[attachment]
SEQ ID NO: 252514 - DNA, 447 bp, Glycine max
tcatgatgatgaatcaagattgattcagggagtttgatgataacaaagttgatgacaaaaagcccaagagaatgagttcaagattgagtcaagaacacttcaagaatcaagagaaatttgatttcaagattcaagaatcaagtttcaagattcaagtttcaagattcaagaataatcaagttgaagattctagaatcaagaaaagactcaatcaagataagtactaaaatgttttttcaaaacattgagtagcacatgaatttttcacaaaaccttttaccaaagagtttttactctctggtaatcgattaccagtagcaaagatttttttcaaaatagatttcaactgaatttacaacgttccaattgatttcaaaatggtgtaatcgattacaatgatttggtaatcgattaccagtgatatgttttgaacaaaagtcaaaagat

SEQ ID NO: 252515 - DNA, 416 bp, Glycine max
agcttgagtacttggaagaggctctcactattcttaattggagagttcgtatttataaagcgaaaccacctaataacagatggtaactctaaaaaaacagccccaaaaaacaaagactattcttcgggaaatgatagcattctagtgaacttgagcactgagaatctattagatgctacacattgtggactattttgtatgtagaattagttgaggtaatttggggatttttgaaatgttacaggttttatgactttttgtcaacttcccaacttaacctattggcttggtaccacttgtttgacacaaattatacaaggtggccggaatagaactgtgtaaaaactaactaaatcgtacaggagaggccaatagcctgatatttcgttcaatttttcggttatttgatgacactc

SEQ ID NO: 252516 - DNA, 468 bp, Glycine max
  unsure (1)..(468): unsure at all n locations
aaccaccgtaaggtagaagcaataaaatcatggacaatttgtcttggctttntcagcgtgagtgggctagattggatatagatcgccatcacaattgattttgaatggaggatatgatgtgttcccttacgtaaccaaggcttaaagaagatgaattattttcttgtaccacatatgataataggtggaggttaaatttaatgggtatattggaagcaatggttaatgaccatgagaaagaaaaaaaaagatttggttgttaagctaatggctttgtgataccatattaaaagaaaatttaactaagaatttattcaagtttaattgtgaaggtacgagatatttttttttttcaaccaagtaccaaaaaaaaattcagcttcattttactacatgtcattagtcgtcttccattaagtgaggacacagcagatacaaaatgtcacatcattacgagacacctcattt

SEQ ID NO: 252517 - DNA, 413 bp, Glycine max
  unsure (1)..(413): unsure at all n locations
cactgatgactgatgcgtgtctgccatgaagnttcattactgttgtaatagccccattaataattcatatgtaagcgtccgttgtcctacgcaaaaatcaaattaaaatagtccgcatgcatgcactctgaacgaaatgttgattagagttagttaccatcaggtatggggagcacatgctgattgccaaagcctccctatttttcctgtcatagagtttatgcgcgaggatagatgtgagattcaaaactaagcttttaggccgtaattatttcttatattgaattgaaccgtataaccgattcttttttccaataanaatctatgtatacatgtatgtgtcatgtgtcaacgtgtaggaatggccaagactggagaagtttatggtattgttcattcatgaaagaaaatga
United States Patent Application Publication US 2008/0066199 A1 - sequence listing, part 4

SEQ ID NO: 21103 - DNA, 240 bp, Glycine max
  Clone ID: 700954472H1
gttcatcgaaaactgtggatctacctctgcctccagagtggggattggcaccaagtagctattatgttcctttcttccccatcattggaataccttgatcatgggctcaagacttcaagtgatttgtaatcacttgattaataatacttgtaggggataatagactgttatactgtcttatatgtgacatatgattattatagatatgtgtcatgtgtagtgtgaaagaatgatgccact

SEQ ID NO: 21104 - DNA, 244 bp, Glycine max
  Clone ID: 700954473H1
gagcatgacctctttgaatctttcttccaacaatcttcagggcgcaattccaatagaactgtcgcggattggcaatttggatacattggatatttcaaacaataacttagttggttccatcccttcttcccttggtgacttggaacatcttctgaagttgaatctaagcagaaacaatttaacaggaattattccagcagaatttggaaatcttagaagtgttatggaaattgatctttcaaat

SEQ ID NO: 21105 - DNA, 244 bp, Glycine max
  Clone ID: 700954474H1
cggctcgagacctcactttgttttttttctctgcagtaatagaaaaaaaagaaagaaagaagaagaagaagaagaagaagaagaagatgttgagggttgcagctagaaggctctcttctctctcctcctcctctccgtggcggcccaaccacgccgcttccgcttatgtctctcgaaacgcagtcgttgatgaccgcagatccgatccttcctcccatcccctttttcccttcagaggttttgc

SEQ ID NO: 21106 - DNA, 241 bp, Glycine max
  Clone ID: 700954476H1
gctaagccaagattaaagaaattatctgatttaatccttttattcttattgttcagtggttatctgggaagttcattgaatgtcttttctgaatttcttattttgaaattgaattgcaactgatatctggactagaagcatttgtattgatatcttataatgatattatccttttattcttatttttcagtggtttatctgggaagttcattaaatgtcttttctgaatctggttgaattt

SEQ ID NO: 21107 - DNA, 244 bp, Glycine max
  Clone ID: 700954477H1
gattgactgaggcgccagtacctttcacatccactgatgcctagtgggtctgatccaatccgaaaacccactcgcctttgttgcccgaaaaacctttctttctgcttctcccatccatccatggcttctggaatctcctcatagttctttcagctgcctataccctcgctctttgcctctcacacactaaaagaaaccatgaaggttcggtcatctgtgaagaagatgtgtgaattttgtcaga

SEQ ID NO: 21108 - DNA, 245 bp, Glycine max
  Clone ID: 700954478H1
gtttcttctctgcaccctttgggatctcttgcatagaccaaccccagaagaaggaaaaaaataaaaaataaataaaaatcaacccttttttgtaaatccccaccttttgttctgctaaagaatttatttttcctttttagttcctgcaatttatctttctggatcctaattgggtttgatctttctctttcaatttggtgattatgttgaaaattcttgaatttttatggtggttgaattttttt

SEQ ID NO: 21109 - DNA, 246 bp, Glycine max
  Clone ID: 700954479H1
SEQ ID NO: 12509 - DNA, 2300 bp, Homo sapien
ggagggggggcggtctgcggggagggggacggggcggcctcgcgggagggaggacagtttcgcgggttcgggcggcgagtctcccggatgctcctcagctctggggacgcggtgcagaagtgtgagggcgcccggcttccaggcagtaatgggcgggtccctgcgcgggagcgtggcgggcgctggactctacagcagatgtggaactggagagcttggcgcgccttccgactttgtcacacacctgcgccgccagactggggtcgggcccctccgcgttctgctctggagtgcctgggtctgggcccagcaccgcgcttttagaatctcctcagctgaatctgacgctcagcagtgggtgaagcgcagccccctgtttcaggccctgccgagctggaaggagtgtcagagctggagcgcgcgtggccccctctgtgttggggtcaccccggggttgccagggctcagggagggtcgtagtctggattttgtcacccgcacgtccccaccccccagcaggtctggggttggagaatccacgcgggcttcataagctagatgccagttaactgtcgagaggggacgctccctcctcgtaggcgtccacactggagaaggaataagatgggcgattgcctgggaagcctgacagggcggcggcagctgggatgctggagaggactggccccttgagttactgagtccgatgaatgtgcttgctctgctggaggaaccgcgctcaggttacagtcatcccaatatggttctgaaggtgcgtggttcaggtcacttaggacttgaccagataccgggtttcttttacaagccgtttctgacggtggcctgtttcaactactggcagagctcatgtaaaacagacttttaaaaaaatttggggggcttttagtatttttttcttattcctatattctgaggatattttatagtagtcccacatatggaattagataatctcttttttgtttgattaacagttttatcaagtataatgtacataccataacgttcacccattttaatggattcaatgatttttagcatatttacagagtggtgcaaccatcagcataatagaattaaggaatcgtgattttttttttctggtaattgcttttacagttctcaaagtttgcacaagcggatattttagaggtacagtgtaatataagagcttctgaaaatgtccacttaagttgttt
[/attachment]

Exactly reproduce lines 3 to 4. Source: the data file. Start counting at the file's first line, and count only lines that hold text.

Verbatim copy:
SEQ ID NO: 252515 - DNA, 416 bp, Glycine max
agcttgagtacttggaagaggctctcactattcttaattggagagttcgtatttataaagcgaaaccacctaataacagatggtaactctaaaaaaacagccccaaaaaacaaagactattcttcgggaaatgatagcattctagtgaacttgagcactgagaatctattagatgctacacattgtggactattttgtatgtagaattagttgaggtaatttggggatttttgaaatgttacaggttttatgactttttgtcaacttcccaacttaacctattggcttggtaccacttgtttgacacaaattatacaaggtggccggaatagaactgtgtaaaaactaactaaatcgtacaggagaggccaatagcctgatatttcgttcaatttttcggttatttgatgacactc